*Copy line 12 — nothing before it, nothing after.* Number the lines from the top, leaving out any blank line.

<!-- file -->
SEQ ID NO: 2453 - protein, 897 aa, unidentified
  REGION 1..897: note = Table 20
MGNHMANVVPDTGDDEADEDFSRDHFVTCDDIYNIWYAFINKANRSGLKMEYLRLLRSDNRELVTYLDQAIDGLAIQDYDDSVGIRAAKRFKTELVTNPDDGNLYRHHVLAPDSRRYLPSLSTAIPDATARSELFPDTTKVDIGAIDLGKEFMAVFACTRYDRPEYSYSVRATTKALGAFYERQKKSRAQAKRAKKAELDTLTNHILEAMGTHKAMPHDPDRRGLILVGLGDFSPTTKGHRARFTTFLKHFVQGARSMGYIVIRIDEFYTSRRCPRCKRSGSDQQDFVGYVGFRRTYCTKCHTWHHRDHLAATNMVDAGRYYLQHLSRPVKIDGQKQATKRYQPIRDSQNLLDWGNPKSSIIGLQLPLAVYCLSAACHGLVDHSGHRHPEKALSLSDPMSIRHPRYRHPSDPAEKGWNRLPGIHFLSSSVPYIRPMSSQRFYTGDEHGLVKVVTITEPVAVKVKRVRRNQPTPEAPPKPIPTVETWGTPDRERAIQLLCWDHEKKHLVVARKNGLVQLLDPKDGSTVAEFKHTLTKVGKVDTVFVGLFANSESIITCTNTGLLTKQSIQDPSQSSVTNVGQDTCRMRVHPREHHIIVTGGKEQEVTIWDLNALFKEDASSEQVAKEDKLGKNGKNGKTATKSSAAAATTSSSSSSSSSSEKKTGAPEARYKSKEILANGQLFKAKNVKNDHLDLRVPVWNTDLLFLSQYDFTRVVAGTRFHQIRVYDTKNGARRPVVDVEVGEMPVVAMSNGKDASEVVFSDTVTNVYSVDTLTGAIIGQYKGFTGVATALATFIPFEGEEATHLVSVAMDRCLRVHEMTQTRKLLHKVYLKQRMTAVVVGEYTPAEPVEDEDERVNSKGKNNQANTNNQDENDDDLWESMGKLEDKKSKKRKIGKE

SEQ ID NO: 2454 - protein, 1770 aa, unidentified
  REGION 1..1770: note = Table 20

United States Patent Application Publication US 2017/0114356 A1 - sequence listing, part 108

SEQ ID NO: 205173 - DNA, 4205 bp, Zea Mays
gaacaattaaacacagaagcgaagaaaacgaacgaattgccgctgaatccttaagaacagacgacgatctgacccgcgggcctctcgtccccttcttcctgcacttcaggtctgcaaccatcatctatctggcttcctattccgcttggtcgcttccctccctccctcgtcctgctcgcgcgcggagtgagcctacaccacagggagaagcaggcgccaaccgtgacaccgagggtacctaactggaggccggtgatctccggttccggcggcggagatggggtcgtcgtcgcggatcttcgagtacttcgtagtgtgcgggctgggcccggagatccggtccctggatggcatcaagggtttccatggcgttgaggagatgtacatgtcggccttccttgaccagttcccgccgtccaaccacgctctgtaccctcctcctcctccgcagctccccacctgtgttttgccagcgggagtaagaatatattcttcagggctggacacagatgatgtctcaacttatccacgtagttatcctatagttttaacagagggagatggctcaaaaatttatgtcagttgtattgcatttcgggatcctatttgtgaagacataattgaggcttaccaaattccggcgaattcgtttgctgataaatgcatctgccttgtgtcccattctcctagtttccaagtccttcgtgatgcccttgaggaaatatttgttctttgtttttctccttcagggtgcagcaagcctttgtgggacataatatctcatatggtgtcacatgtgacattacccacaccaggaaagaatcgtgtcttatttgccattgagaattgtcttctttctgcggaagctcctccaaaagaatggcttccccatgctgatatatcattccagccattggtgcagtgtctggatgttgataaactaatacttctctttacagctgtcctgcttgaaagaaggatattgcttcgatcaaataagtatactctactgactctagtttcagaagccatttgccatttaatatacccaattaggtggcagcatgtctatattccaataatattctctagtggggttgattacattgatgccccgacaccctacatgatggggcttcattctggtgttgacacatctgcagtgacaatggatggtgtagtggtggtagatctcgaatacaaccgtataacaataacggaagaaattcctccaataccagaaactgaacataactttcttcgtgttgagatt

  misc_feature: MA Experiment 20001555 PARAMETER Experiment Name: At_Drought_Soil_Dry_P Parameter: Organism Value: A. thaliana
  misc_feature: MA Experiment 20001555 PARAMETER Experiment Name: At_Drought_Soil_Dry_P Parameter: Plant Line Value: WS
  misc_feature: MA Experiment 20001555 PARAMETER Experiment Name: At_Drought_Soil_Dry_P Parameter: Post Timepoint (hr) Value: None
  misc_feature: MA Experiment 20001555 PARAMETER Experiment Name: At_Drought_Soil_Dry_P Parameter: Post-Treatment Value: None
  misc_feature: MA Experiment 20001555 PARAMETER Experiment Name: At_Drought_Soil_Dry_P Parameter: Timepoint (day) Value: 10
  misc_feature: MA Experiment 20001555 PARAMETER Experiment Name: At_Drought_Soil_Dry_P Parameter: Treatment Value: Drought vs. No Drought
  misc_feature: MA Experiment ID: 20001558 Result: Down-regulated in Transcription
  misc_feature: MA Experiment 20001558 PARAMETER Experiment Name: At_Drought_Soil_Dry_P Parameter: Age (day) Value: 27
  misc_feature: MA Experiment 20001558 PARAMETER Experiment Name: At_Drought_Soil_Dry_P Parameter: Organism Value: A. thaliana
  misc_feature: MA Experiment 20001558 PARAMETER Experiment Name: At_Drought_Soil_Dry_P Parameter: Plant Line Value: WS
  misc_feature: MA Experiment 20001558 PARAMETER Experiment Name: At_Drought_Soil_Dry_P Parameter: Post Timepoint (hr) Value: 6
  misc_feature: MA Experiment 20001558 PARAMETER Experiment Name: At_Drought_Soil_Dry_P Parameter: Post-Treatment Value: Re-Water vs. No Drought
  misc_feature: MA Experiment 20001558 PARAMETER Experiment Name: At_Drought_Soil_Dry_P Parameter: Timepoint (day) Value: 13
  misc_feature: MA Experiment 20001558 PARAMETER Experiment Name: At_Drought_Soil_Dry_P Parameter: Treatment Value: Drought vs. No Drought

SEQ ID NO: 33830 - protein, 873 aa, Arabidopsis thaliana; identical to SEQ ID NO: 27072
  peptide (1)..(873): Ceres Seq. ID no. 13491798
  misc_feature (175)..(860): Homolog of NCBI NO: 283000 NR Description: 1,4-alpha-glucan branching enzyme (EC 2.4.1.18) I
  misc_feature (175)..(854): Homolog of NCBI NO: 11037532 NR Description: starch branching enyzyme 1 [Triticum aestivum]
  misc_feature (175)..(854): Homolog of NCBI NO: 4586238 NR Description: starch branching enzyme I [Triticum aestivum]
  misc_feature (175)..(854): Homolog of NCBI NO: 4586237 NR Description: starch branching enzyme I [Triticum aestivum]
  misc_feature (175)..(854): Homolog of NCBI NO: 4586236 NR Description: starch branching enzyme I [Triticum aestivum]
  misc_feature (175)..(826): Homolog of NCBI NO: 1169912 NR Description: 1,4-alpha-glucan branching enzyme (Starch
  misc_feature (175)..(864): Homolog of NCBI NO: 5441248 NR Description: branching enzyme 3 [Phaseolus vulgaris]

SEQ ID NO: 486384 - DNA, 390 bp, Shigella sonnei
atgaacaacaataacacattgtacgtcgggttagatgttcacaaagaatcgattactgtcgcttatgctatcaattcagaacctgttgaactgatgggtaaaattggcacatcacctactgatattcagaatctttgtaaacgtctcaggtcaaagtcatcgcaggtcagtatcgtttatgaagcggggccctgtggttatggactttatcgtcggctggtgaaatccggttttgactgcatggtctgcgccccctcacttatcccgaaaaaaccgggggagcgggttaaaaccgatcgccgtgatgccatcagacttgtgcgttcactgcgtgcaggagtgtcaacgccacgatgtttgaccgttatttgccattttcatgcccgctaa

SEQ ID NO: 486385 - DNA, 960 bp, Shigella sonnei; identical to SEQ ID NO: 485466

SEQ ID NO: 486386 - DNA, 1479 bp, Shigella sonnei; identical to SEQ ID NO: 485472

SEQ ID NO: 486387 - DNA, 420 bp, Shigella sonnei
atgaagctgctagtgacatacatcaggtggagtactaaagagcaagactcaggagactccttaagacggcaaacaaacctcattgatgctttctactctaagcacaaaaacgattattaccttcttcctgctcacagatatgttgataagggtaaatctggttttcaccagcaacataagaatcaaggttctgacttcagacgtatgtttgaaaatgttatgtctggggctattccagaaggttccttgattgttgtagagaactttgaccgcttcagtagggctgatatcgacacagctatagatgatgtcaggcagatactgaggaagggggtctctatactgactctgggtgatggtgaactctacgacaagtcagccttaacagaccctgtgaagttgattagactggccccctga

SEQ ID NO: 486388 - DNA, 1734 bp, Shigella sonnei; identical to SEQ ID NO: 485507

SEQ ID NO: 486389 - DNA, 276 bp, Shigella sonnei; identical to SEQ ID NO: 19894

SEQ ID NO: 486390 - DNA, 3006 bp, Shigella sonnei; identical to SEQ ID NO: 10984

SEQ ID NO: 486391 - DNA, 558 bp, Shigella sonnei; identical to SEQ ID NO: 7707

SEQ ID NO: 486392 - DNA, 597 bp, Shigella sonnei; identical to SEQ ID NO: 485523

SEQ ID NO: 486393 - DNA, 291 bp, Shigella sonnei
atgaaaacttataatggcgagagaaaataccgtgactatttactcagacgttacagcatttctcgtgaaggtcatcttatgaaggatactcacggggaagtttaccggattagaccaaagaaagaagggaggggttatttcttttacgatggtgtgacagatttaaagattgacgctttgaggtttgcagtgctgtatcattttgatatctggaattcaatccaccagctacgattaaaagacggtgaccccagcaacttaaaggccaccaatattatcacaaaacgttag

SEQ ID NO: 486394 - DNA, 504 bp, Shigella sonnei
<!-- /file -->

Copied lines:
  misc_feature: MA Experiment 20001555 PARAMETER Experiment Name: At_Drought_Soil_Dry_P Parameter: Post-Treatment Value: None